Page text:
Geo016 - Exploration of Mars

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Geo016 / Exploration of Mars / (M) 3:00-5:20 / Lincoln Field 105 / Prof. James Head

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Geoffrey Stetson (03/10/04)

Geo 5 was an awesome class. It was also great that it took only one class period to complete. It was very poignant information, but might have been better suited to be explained at the beginning of the semester. It was very good background information that would have been great to know before discussing a lot of the things we have done so far. I have been kind of ahead of the game because I took beginning astronomy last semester and we spent a class period going over each planet, although we did not cover the geology to the depth that we delved yesterday.

I have found the search for water to be the most interesting topic of investigation. Most evidence points to the previous existence of water on the surface of Mars. The deep channels, the frozen ice shapes under the dirt and soil, and the smooth northern lowlands. It would have been an amazing sight to see the entire northern lowlands flooded by water. To see water gushing out of springs in the southern highlands and just meandering through the many deep channels out into the vast sea. I envision a period of extreme cold; maybe an ice age in which the entire globe was covered in ice. Atmospheric disturbances related to the obliquity could have changed the temperature drastically. Or maybe intense volcanic activity may have done the melting. But this melting created great surges of water that welled up and streamed into the lowlands. Surges great enough to carve something like the valles marineris (I have no idea if this is the right spelling, or name, I am talking about the really big canyon). And to carve something like the valles marineris, it would have to be a sustained flow of water, over many, many years. An awesome sight to think about when you consider the dust ball that is the mars we have known all these years.

But if there was all this water, where did it all go? Your options are up or down, sublime or go under the ground. Well, I think it did both. In my astronomy class, we talked about a theory called the runaway icehouse effect. This theory is a cycle, which is started by the dropping of temperatures, and the precipitation of water out of the sky. This precipitation drops the temperature causing more precipitation, and so on and so on. The water also brings CO 2 out of the atmosphere and deposits it in the rocks. All this makes the atmosphere less and less insulating, making the planet colder and colder, causing more and more precipitation, and there you have cycle of the runaway icehouse effect. So according to this, all the water precipitated out into the soil, which is possible but then you would expect to find ice more places on the surface. If the ice sublimed, then you would find more in the atmosphere, unless water was light enough to escape, but I don't think it is. Something I have thought about is, are the ice caps made of water ice? Because I know that part of them are CO 2 . This has never been mentioned in class and I am interested to know, because if they are water ice, why have we not gone there already. It is water with the possibility of life residing in it. Maybe I don't know what I am talking about, but it seems like a good place to start.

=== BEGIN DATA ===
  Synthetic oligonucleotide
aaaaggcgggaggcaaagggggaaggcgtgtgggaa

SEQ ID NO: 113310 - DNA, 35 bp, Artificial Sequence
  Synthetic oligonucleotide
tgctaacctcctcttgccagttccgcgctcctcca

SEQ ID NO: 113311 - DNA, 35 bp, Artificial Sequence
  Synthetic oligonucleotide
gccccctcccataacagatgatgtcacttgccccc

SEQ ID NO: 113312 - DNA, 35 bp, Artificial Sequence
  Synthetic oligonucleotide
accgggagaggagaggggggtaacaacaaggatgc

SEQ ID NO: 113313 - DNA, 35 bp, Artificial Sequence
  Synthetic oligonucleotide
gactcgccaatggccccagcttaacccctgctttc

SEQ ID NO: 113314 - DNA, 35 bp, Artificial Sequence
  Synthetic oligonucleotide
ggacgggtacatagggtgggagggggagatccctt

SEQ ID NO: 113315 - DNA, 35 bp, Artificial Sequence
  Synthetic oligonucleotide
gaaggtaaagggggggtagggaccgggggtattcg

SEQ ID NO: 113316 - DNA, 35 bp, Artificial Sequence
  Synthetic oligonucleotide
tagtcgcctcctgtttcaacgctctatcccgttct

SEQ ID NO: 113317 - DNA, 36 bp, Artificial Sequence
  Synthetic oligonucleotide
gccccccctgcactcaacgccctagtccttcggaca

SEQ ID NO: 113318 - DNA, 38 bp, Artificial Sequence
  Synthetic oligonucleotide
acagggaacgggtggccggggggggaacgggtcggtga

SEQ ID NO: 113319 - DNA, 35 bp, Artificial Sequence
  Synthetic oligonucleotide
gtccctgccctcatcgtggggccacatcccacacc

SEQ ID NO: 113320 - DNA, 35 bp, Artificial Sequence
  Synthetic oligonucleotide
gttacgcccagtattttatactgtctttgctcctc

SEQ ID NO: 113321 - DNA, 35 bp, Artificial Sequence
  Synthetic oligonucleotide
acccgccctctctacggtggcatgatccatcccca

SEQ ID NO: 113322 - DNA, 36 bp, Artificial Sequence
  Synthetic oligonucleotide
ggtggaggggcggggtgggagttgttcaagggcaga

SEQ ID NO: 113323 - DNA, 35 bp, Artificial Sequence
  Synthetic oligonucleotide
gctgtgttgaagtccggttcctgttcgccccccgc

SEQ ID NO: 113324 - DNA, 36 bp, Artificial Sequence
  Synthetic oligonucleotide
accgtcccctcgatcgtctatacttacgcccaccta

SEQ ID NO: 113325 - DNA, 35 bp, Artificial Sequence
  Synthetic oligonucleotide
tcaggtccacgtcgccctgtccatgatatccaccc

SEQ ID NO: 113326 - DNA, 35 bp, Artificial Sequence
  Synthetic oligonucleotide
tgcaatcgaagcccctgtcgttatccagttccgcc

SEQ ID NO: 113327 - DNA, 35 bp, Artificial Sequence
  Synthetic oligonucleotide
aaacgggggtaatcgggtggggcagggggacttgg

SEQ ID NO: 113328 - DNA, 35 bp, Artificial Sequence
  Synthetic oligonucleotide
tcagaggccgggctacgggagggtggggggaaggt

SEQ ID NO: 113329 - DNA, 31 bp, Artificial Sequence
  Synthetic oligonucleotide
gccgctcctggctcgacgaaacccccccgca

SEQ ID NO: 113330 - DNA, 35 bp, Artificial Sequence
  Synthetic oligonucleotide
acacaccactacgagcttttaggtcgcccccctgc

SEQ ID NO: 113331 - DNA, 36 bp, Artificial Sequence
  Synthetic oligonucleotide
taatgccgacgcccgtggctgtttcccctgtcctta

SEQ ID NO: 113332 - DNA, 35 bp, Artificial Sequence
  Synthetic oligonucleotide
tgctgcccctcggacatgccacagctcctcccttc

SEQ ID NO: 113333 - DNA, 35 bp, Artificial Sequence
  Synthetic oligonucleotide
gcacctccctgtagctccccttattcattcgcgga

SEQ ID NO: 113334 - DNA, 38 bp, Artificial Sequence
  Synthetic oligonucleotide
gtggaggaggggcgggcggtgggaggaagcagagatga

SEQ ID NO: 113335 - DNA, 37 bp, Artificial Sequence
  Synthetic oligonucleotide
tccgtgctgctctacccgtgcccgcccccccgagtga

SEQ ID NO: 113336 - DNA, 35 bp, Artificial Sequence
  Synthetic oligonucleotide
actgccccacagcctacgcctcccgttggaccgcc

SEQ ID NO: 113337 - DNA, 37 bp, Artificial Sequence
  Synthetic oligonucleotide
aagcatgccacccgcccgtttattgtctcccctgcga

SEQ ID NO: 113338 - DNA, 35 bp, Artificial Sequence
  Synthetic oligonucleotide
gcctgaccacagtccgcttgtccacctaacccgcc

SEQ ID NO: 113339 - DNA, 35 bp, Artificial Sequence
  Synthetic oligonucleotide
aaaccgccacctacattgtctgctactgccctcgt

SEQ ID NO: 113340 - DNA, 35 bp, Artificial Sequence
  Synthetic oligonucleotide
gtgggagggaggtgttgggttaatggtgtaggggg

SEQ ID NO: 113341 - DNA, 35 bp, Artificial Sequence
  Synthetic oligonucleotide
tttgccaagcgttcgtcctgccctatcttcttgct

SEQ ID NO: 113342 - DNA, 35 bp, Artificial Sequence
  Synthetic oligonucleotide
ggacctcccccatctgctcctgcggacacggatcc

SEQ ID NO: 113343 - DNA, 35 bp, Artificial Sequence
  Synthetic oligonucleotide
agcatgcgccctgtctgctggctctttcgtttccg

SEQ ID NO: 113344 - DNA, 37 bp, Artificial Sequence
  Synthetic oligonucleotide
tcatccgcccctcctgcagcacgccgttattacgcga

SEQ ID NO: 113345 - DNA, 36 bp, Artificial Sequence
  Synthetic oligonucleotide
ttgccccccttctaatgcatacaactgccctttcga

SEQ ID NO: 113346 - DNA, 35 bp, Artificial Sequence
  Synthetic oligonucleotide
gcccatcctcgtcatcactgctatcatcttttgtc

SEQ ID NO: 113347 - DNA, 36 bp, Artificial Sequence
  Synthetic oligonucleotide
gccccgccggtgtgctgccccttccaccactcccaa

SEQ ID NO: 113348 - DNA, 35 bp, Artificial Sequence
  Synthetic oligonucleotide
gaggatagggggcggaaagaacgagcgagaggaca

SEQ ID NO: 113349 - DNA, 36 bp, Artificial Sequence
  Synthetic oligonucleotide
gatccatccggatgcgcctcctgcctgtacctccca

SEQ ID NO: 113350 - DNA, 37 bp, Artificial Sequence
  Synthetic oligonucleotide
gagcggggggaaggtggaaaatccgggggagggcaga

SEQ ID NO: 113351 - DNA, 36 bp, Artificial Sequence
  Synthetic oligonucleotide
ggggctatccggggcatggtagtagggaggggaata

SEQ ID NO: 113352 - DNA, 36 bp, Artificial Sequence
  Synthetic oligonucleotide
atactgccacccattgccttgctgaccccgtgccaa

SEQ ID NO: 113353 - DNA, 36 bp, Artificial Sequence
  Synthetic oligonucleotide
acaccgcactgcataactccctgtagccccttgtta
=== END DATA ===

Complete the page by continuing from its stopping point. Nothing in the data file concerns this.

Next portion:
The formation of the volcanoes is another very interesting topic of discussion. I believe two factors were the cause of their formation and both were mentioned in class: the lack of tectonic plates and lesser gravity. The lack of tectonic plates provides hot spots, or holes in the surface where lava can well up through the surface. With little other options for pressure in the core to be released, the amount of lava that comes through the hot spots is enormous. These hot spots account for all of the volcanoes having shield shapes. The fraction of gravity that is on mars made it easier for the volcanoes to grow to their immense size.

The Bliny night was a very good experience. First of all it was great to be back in a house. It gave me a very homey feeling that I greatly appreciated. The food was…cultural. It was interesting to try something different.

As for the talks with the Russians, I did not speak very much with Dr. Khrushchev. He always had a large crowd of students around him and they were mostly talking comparative politics, which is a field I am not so interested in. I spent most of my time getting more information out of Dr. Basilesky. He explained what was the downfall to each lunar rover, and how they landed the rovers. He told me that the way that we landed the mars rover was thought up over 40 years ago, which was very surprising to me.

Lastly, I would like to extend gratitude to the Heads for their hospitality for having us eat at their house. It provided us with a great chance to make the class a more intimate experience. And thanks to the chefs for all the hard work.





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